There is no explicit criterion for price effect in Turkish Law and it is evaluated according to every concrete case. For example, the fact that a mining company has a new mineral deposit or that a company is included in another company is considered as information that may affect the price. In terms of the obligation to public disclosures the changes that directly affect the company activities, financial structure, financial fixed assets such as financial assets and the damages of the company assets as a result of natural disasters should be disclosed to the public.

Unless otherwise in CSS, material event disclosures shall be announced to the Public Disclosure Platform at the latest until the 3 (third) working day following the date when the situation arises. Pursuant to Article 24 of the CSS, the issuers are required to announce the insider information disclosed to the public on their website at the latest within the working day after the public disclosure and keep this disclosure on their website for 5 years. Pursuant to Article 5 of the CSS, the decision of the board of directors regarding the date, place and agenda of the general assembly meeting, the decision of the board of directors or the general assembly regarding the distribution of profit, the exercise of the right to acquire new shares, and the decisions of the board of directors regarding the capital increase shall be announced to the public.

F. LIABILITY FOR PUBLIC DISCLOSURE

The responsibility arising from the wrong, misleading or incomplete information in the public disclosure documents is the responsibility arising from tort. For this reason, it is necessary to identify the elements of tort that are regulated in Article 49 of the Turkish Code of Obligations (“TCO”).

This loss must occur in the assets of investors. In addition, according to Article 32, paragraph 5 of the CML, there must be a causal relation between unlawful information disclosed to the public and the investor’s decision.

Pursuant to Article 112 of the CML, it has been found that those issuing financial statements and reports in a non-reflective manner and members of the board of directors have committed the crime of fraud of special document pursuant to Article 207 of the Turkish Criminal Law (“TCL”). In addition, it is regulated that persons who prevent the Capital Markets Board from performing their duties will be punished from 6 months to 2 years according to Article 111 of the CML.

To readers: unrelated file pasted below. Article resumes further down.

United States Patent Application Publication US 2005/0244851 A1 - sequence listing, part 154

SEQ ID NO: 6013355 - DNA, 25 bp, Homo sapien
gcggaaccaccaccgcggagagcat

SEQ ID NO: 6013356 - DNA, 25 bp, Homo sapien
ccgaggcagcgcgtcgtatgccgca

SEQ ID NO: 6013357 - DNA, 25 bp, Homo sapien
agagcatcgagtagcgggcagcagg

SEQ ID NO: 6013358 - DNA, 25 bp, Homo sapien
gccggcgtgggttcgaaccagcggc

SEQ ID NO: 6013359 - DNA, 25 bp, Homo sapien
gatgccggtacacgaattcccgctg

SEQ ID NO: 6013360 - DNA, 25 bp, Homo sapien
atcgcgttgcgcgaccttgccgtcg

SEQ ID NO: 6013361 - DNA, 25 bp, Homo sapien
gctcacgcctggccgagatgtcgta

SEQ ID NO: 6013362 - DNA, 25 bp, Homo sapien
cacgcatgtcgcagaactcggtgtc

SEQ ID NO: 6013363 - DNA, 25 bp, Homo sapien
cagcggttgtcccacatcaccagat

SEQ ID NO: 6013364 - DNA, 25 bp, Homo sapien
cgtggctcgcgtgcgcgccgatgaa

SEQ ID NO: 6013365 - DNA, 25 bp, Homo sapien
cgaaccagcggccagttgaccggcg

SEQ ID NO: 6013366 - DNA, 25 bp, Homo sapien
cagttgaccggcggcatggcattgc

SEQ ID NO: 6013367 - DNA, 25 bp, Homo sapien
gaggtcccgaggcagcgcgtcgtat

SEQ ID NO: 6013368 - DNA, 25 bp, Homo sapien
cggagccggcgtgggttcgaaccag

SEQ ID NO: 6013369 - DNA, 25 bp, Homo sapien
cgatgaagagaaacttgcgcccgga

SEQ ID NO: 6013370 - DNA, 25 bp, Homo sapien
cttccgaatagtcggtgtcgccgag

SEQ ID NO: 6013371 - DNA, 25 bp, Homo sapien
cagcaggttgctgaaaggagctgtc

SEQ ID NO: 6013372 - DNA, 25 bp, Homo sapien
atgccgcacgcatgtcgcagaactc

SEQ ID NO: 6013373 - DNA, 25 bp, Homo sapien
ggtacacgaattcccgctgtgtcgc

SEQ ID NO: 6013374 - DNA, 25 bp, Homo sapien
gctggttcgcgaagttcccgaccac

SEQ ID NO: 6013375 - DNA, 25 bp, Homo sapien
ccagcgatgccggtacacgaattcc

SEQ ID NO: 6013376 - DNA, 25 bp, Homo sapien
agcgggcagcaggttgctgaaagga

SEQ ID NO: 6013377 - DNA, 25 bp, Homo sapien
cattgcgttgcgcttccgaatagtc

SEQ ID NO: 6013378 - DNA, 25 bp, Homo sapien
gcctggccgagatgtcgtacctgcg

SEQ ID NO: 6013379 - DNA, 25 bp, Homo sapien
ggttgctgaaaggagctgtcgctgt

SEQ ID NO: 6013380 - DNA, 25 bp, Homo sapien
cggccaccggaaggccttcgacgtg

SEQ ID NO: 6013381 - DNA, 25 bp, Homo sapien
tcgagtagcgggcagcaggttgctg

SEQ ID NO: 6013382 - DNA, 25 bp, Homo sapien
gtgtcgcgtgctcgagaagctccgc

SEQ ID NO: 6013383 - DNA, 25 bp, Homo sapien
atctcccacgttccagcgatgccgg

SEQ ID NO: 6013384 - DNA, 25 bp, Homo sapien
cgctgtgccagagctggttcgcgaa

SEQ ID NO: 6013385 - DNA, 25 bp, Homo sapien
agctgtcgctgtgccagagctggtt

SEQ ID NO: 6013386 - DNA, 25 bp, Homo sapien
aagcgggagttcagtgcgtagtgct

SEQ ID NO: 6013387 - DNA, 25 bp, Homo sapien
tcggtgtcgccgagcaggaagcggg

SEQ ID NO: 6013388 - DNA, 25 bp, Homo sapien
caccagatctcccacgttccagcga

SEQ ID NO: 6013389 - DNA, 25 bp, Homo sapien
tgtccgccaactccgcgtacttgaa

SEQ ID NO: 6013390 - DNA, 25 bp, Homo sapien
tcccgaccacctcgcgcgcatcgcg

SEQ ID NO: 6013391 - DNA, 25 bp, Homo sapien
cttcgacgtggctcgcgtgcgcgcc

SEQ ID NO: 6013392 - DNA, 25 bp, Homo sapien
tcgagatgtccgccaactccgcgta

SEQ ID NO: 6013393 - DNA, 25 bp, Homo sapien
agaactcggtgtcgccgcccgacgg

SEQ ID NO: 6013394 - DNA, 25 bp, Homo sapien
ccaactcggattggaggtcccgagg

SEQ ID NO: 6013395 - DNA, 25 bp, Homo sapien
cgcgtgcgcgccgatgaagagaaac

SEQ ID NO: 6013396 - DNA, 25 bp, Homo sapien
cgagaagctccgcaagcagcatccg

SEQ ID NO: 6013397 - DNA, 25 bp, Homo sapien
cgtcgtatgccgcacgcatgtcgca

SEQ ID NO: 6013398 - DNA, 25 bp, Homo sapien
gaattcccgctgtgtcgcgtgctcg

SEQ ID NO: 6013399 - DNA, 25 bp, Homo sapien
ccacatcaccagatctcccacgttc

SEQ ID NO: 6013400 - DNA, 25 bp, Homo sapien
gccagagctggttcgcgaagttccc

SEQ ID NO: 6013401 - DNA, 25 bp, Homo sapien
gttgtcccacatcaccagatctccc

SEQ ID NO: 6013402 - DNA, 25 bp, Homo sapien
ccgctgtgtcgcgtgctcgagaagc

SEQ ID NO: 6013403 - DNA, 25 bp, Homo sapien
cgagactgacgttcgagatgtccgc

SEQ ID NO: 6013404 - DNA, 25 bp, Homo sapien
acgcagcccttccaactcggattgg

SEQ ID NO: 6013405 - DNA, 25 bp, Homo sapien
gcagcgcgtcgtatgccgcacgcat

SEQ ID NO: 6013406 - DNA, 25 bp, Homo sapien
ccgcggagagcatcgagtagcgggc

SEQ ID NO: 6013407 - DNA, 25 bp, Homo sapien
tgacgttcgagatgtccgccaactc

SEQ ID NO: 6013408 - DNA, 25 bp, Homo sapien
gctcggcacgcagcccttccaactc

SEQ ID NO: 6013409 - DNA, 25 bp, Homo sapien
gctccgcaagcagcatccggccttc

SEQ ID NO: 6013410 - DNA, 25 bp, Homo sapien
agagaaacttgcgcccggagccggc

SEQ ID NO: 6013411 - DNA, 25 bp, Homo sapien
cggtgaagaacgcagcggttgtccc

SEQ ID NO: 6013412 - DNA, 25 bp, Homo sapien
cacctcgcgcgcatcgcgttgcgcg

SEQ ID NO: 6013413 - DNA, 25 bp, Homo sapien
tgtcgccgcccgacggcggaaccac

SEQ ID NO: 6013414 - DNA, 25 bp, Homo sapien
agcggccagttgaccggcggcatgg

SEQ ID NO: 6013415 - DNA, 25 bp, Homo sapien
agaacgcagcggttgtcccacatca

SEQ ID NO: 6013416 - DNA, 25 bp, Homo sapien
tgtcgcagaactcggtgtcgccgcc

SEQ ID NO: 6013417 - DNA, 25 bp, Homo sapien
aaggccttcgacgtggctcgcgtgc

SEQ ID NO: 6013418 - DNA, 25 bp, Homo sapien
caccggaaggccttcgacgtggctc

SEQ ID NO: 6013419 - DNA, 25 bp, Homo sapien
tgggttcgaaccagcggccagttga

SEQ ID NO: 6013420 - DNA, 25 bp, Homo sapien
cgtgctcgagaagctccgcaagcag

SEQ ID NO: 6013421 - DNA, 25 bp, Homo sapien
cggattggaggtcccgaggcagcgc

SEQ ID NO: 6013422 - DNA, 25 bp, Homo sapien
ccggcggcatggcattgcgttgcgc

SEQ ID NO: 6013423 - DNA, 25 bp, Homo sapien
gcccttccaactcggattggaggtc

G. CONCLUSION

With the principle of public disclosure, it is aimed that publicly-traded companies, whose shares are traded on the stock exchange, disclose general and private information to the public, thereby protecting the small investor trading in the securities market and bringing the small savings owners into the economy with equal information.

Thanks to the public disclosure obligation, the capital market is ensured to be reliable, equal and fair. The investor who thinks that the financial statements of the companies and the public disclosure of special circumstances may affect the future of his investment may divest his share in the company through the stock exchange and turn to capital market instruments.

 

Öykü Kurt, Associate

 

[1] İhtiyar, Mustafa, P. 95.

[2] Ferrell, Allen, The Case of Mandotory Disclosure in Securities Regulation Around the World, Harvard John M. Olin Discussion Paper Series, Discussion Paper No.492, Hardvard Law School, 09/2004, P. 13 ff.

[3]Dolu, Murat, P. 62, ff. Kaya, Arslan, P. 72, ff. Poroy, Tekinalp, Çamoğlu, P. 648, ff. The Nullity of Board Decision Within the Scope of Protection of Shareholder Rights, Ankara 2015, P. 179.

[4] The Article 514 of Turkish Commercial Code No: 6102.

[5] Pulaşlı, Hasan , Caution, P. 1484 ff.

[6] Pulaşlı, Hasan, Caution, P. 1496 ff., Dolu, Murat, P. 124 ff.

[7] Kaya, Arslan, P. 31.

[8] Hansen, Jesper Lau, Say When: When Must an Issuer Disclose Inside Information? 19.09.2016, Nordic & Europen Company Law Working Paper No.16-03; University of Copenhagen Faculty of Law Research Paper No:2016-28.

[9] CSS P. 4